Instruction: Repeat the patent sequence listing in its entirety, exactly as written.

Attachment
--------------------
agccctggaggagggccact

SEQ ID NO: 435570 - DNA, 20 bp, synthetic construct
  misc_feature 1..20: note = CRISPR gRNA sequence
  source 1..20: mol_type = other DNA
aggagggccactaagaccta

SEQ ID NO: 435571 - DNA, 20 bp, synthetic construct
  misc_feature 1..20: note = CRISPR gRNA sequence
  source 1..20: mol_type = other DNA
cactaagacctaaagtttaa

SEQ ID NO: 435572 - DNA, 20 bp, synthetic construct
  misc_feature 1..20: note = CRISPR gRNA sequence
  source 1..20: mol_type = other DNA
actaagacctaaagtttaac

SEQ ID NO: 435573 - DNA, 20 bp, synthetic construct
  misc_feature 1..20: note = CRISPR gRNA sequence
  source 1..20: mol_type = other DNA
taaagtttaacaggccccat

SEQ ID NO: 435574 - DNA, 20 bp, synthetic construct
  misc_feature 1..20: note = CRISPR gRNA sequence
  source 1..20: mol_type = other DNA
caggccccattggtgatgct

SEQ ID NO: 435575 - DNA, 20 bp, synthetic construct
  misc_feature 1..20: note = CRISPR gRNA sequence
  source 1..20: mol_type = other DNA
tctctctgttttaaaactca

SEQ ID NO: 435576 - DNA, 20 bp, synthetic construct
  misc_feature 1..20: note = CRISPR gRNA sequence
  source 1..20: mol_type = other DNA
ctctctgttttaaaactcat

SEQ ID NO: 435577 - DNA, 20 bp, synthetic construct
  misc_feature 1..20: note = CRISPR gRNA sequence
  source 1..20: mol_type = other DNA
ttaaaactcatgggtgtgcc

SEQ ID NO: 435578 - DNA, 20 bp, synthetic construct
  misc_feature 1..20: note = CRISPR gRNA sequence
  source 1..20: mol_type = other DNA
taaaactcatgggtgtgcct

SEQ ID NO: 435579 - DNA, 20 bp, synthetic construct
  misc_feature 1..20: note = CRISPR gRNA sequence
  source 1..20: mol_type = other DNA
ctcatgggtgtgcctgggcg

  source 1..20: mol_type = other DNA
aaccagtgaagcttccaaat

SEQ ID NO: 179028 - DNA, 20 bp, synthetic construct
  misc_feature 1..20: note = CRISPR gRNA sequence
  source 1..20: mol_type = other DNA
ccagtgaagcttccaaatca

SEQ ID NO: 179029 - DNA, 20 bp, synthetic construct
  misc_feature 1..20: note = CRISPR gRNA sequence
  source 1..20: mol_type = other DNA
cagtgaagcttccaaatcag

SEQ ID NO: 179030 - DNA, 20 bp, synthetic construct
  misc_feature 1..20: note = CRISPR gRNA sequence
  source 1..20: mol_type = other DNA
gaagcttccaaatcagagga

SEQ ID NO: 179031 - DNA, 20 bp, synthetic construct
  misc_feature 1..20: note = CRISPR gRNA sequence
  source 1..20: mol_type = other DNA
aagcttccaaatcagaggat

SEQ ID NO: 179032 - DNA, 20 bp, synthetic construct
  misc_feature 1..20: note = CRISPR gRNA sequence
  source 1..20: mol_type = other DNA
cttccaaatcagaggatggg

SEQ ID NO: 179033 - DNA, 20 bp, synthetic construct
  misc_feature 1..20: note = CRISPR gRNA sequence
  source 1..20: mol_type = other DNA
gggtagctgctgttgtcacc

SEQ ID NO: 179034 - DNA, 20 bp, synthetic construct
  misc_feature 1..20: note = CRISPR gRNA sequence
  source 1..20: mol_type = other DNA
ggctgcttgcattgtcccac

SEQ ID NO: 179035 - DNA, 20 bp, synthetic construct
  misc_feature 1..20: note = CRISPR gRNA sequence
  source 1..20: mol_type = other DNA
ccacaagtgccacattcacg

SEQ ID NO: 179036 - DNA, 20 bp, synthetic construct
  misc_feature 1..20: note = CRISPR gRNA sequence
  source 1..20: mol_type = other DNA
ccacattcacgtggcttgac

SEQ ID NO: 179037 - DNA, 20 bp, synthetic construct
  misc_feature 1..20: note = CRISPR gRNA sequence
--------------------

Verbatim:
agccctggaggagggccact

SEQ ID NO: 435570 - DNA, 20 bp, synthetic construct
  misc_feature 1..20: note = CRISPR gRNA sequence
  source 1..20: mol_type = other DNA
aggagggccactaagaccta

SEQ ID NO: 435571 - DNA, 20 bp, synthetic construct
  misc_feature 1..20: note = CRISPR gRNA sequence
  source 1..20: mol_type = other DNA
cactaagacctaaagtttaa

SEQ ID NO: 435572 - DNA, 20 bp, synthetic construct
  misc_feature 1..20: note = CRISPR gRNA sequence
  source 1..20: mol_type = other DNA
actaagacctaaagtttaac

SEQ ID NO: 435573 - DNA, 20 bp, synthetic construct
  misc_feature 1..20: note = CRISPR gRNA sequence
  source 1..20: mol_type = other DNA
taaagtttaacaggccccat

SEQ ID NO: 435574 - DNA, 20 bp, synthetic construct
  misc_feature 1..20: note = CRISPR gRNA sequence
  source 1..20: mol_type = other DNA
caggccccattggtgatgct

SEQ ID NO: 435575 - DNA, 20 bp, synthetic construct
  misc_feature 1..20: note = CRISPR gRNA sequence
  source 1..20: mol_type = other DNA
tctctctgttttaaaactca

SEQ ID NO: 435576 - DNA, 20 bp, synthetic construct
  misc_feature 1..20: note = CRISPR gRNA sequence
  source 1..20: mol_type = other DNA
ctctctgttttaaaactcat

SEQ ID NO: 435577 - DNA, 20 bp, synthetic construct
  misc_feature 1..20: note = CRISPR gRNA sequence
  source 1..20: mol_type = other DNA
ttaaaactcatgggtgtgcc

SEQ ID NO: 435578 - DNA, 20 bp, synthetic construct
  misc_feature 1..20: note = CRISPR gRNA sequence
  source 1..20: mol_type = other DNA
taaaactcatgggtgtgcct

SEQ ID NO: 435579 - DNA, 20 bp, synthetic construct
  misc_feature 1..20: note = CRISPR gRNA sequence
  source 1..20: mol_type = other DNA
ctcatgggtgtgcctgggcg

  source 1..20: mol_type = other DNA
aaccagtgaagcttccaaat

SEQ ID NO: 179028 - DNA, 20 bp, synthetic construct
  misc_feature 1..20: note = CRISPR gRNA sequence
  source 1..20: mol_type = other DNA
ccagtgaagcttccaaatca

SEQ ID NO: 179029 - DNA, 20 bp, synthetic construct
  misc_feature 1..20: note = CRISPR gRNA sequence
  source 1..20: mol_type = other DNA
cagtgaagcttccaaatcag

SEQ ID NO: 179030 - DNA, 20 bp, synthetic construct
  misc_feature 1..20: note = CRISPR gRNA sequence
  source 1..20: mol_type = other DNA
gaagcttccaaatcagagga

SEQ ID NO: 179031 - DNA, 20 bp, synthetic construct
  misc_feature 1..20: note = CRISPR gRNA sequence
  source 1..20: mol_type = other DNA
aagcttccaaatcagaggat

SEQ ID NO: 179032 - DNA, 20 bp, synthetic construct
  misc_feature 1..20: note = CRISPR gRNA sequence
  source 1..20: mol_type = other DNA
cttccaaatcagaggatggg

SEQ ID NO: 179033 - DNA, 20 bp, synthetic construct
  misc_feature 1..20: note = CRISPR gRNA sequence
  source 1..20: mol_type = other DNA
gggtagctgctgttgtcacc

SEQ ID NO: 179034 - DNA, 20 bp, synthetic construct
  misc_feature 1..20: note = CRISPR gRNA sequence
  source 1..20: mol_type = other DNA
ggctgcttgcattgtcccac

SEQ ID NO: 179035 - DNA, 20 bp, synthetic construct
  misc_feature 1..20: note = CRISPR gRNA sequence
  source 1..20: mol_type = other DNA
ccacaagtgccacattcacg

SEQ ID NO: 179036 - DNA, 20 bp, synthetic construct
  misc_feature 1..20: note = CRISPR gRNA sequence
  source 1..20: mol_type = other DNA
ccacattcacgtggcttgac

SEQ ID NO: 179037 - DNA, 20 bp, synthetic construct
  misc_feature 1..20: note = CRISPR gRNA sequence